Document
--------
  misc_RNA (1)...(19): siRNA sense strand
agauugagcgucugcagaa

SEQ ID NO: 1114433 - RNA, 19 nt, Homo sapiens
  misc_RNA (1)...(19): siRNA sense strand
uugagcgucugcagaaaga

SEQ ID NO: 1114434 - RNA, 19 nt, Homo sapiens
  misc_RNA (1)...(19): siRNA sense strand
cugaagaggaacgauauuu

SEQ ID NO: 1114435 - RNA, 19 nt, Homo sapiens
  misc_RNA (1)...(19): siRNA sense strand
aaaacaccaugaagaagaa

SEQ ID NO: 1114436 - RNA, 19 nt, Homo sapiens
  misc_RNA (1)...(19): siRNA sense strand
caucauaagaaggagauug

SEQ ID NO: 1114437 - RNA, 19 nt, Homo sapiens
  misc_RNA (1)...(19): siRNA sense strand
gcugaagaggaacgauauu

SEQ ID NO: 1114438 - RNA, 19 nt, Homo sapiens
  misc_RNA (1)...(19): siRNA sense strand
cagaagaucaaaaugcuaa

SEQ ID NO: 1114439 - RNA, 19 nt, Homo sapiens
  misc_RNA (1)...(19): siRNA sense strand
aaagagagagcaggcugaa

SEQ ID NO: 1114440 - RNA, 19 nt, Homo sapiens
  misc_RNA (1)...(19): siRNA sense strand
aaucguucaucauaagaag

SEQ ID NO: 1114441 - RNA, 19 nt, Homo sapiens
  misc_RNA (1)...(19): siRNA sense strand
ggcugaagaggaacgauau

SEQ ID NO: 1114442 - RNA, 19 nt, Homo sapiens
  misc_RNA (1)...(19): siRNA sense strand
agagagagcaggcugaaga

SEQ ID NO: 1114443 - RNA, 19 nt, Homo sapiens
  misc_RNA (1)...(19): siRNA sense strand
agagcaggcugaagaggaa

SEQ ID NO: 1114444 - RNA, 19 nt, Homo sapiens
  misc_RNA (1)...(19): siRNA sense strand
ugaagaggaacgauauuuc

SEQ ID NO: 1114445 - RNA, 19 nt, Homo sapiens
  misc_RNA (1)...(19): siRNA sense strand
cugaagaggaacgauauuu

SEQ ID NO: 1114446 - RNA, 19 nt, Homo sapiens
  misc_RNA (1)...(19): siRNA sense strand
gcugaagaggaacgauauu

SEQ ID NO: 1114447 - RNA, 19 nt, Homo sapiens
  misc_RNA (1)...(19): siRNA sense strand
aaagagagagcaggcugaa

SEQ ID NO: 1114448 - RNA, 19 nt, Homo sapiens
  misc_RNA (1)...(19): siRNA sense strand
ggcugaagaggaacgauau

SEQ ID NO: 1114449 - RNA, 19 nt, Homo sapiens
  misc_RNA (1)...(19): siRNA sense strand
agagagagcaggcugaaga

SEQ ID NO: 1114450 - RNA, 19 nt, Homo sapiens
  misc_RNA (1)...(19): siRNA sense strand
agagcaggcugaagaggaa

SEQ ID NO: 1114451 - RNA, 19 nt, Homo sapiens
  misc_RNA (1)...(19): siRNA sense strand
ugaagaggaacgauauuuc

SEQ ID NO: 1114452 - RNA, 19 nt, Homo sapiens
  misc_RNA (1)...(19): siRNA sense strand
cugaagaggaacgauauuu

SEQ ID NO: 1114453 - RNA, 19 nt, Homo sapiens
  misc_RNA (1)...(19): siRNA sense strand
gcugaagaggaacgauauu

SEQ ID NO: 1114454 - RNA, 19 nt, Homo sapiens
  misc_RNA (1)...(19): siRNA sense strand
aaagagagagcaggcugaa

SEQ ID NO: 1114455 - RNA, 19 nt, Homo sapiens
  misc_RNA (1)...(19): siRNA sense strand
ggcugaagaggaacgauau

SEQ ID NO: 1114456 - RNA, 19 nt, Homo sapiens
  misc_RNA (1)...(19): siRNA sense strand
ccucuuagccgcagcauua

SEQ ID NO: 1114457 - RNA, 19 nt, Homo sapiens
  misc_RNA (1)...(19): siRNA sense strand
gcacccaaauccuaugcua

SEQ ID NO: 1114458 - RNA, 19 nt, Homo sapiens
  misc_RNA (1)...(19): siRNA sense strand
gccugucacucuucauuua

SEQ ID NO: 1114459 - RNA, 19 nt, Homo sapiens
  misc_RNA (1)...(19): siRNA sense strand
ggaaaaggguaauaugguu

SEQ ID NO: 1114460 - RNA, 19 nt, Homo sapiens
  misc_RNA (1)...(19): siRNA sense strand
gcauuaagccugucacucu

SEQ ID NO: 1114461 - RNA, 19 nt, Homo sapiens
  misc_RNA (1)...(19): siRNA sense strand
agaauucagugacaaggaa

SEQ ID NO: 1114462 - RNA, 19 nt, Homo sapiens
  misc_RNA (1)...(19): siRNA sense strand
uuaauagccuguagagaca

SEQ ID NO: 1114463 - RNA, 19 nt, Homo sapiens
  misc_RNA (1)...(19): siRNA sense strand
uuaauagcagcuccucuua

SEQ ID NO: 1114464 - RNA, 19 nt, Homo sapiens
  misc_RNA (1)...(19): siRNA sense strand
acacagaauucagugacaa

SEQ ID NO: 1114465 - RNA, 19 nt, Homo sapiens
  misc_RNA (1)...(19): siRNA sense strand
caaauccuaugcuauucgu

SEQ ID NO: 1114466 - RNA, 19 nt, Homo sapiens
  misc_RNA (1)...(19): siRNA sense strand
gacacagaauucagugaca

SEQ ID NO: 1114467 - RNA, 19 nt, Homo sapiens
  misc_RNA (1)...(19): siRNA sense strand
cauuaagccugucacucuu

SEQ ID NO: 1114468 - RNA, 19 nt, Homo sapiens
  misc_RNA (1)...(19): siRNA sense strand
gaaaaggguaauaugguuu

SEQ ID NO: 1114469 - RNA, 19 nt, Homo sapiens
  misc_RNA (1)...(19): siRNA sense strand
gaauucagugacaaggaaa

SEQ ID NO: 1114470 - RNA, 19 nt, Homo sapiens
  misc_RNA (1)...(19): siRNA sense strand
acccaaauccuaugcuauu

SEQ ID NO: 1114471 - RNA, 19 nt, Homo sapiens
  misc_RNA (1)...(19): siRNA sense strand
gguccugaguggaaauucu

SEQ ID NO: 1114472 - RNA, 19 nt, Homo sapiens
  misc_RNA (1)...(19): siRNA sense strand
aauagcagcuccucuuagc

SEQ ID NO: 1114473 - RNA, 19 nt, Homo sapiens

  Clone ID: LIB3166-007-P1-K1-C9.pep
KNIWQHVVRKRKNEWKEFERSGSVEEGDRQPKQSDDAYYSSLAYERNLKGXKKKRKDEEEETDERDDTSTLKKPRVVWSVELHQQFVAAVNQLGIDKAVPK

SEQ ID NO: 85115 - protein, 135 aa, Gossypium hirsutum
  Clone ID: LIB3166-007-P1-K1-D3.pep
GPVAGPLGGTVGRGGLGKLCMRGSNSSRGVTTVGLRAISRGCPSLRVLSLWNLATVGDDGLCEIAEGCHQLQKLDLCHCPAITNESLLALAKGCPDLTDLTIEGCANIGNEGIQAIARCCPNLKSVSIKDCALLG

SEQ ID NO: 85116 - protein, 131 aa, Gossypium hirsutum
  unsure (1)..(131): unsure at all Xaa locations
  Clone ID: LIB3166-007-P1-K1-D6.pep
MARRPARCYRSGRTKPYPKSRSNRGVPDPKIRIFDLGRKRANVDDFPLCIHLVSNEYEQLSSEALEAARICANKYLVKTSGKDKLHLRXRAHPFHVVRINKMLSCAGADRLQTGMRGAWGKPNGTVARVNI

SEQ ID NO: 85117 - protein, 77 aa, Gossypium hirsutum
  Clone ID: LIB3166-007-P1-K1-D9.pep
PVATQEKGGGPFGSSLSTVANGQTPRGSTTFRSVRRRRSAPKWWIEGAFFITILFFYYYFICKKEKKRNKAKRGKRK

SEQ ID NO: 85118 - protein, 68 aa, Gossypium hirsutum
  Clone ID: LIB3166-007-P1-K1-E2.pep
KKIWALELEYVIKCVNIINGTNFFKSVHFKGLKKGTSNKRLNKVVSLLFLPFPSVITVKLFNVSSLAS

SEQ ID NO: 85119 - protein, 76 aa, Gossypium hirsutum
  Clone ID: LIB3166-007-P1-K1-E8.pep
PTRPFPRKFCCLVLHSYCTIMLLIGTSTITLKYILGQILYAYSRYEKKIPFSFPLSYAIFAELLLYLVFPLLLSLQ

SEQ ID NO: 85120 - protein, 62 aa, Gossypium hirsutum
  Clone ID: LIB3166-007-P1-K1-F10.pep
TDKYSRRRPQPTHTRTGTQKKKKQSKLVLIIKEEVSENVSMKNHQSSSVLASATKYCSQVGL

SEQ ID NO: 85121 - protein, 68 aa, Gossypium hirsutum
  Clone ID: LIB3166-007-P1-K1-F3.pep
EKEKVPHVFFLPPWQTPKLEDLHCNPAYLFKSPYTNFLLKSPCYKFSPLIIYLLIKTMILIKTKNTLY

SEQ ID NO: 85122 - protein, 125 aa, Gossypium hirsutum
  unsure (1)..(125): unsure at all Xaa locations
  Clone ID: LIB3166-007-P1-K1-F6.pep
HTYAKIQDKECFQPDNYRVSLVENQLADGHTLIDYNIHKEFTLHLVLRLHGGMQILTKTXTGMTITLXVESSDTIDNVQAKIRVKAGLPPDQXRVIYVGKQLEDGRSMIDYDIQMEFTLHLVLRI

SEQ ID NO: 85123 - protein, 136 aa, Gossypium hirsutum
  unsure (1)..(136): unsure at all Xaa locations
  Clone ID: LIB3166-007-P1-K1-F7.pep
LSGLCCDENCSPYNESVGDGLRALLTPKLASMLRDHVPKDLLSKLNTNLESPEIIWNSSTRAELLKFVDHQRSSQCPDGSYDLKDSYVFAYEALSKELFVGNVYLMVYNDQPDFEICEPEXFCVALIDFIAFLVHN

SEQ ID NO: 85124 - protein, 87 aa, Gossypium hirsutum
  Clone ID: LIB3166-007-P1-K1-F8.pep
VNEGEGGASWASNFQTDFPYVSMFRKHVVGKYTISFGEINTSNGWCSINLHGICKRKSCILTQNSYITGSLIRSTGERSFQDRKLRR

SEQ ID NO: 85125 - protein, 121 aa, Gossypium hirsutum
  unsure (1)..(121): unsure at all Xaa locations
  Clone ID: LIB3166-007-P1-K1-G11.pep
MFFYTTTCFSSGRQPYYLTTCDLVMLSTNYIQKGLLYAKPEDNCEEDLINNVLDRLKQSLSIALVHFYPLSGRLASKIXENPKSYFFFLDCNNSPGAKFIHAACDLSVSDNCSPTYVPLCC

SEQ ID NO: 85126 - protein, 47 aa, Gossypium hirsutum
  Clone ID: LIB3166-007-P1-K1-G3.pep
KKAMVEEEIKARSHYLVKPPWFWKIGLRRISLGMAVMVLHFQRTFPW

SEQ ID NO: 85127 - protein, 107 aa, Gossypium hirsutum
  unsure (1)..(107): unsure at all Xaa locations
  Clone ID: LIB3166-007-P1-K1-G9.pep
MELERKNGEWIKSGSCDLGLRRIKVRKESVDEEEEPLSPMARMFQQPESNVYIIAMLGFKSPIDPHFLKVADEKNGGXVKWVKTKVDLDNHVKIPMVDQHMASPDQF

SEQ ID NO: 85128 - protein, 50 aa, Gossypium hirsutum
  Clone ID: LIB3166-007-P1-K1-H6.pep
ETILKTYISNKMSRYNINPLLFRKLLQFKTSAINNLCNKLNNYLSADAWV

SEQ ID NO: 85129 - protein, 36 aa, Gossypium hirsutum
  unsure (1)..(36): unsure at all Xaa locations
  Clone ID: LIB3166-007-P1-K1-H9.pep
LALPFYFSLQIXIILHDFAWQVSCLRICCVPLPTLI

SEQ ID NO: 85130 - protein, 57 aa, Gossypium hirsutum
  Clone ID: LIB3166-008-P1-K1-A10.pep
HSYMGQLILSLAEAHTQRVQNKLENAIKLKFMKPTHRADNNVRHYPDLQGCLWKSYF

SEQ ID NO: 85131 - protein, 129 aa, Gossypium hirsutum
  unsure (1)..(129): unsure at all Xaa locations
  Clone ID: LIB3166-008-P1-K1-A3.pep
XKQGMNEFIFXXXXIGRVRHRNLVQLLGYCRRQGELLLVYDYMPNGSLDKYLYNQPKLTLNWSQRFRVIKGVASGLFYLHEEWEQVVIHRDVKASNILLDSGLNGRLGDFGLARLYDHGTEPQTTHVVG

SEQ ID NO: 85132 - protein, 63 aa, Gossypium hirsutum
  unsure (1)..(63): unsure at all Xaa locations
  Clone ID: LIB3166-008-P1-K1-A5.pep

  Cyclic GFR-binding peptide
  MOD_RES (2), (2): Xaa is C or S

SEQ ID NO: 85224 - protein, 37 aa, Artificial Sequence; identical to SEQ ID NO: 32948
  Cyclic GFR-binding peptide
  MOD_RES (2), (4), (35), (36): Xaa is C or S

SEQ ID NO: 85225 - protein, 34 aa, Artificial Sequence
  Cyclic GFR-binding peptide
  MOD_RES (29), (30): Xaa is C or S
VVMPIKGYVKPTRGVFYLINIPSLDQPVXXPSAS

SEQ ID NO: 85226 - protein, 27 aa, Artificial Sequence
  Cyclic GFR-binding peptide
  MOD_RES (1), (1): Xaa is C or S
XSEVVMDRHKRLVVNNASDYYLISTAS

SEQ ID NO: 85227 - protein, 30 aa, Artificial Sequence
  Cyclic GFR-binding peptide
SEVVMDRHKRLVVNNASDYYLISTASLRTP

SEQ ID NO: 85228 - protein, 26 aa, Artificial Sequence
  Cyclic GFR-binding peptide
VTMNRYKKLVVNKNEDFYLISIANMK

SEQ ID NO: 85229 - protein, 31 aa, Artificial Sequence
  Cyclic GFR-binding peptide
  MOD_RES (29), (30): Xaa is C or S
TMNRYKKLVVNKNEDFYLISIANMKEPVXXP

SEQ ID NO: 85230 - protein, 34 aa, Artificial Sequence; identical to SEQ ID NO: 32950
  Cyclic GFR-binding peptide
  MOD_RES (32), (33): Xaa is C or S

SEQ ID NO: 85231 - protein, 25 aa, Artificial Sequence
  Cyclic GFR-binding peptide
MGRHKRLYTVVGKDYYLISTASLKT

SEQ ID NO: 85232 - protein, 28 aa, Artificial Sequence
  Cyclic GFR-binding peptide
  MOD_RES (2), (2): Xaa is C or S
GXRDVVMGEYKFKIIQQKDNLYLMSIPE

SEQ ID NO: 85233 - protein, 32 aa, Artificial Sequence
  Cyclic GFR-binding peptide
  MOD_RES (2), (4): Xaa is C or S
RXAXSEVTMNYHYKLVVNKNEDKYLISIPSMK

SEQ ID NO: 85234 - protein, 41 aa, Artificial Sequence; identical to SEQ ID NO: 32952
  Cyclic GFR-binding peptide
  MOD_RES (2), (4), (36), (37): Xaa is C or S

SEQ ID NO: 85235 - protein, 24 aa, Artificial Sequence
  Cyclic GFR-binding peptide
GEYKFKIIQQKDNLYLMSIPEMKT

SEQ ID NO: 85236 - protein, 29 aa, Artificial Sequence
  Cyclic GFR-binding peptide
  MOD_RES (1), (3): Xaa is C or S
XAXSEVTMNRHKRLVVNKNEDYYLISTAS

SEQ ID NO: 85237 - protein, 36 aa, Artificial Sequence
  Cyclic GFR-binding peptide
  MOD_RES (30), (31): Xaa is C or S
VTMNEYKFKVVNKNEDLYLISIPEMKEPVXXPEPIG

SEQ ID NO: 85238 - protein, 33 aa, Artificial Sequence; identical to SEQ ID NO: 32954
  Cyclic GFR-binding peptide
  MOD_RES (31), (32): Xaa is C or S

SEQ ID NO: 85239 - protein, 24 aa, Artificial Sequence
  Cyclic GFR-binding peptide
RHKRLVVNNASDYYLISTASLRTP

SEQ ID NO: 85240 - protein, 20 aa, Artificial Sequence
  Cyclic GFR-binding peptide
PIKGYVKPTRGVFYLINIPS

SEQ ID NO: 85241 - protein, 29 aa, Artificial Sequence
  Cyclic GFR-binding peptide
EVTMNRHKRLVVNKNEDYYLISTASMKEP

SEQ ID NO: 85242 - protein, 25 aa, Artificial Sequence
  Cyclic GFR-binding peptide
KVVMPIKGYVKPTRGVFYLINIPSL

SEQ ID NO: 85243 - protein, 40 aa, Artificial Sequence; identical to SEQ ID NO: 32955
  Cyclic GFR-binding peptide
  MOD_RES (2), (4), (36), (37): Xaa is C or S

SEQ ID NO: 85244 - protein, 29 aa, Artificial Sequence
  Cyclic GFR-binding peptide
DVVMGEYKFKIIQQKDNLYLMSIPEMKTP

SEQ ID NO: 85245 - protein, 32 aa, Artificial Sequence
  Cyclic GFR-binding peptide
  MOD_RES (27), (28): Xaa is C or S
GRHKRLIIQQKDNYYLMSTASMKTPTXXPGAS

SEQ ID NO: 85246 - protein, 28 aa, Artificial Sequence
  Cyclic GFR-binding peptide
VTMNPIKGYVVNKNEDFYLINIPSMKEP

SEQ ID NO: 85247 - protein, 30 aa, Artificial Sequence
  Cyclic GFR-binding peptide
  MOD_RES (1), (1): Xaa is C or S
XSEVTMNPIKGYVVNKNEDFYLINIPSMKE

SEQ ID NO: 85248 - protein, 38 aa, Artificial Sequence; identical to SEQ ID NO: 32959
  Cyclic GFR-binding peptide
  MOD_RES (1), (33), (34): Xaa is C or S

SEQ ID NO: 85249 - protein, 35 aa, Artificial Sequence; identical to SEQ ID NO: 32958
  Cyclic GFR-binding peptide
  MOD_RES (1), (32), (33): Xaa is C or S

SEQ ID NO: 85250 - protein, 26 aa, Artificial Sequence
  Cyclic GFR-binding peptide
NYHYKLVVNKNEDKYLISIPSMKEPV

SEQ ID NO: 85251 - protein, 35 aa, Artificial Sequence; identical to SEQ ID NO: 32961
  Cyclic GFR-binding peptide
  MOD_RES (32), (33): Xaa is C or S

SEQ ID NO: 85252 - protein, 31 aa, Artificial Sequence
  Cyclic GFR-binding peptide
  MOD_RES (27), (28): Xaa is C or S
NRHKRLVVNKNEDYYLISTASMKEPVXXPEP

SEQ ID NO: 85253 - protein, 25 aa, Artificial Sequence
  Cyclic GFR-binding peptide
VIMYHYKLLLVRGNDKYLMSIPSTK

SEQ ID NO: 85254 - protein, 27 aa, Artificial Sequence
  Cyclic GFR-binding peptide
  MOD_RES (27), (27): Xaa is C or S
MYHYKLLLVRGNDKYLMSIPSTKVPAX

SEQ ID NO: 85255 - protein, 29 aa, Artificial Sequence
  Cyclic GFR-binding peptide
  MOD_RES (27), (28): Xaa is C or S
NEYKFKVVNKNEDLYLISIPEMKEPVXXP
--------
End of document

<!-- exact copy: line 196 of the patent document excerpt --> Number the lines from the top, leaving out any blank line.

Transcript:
SEQ ID NO: 85226 - protein, 27 aa, Artificial Sequence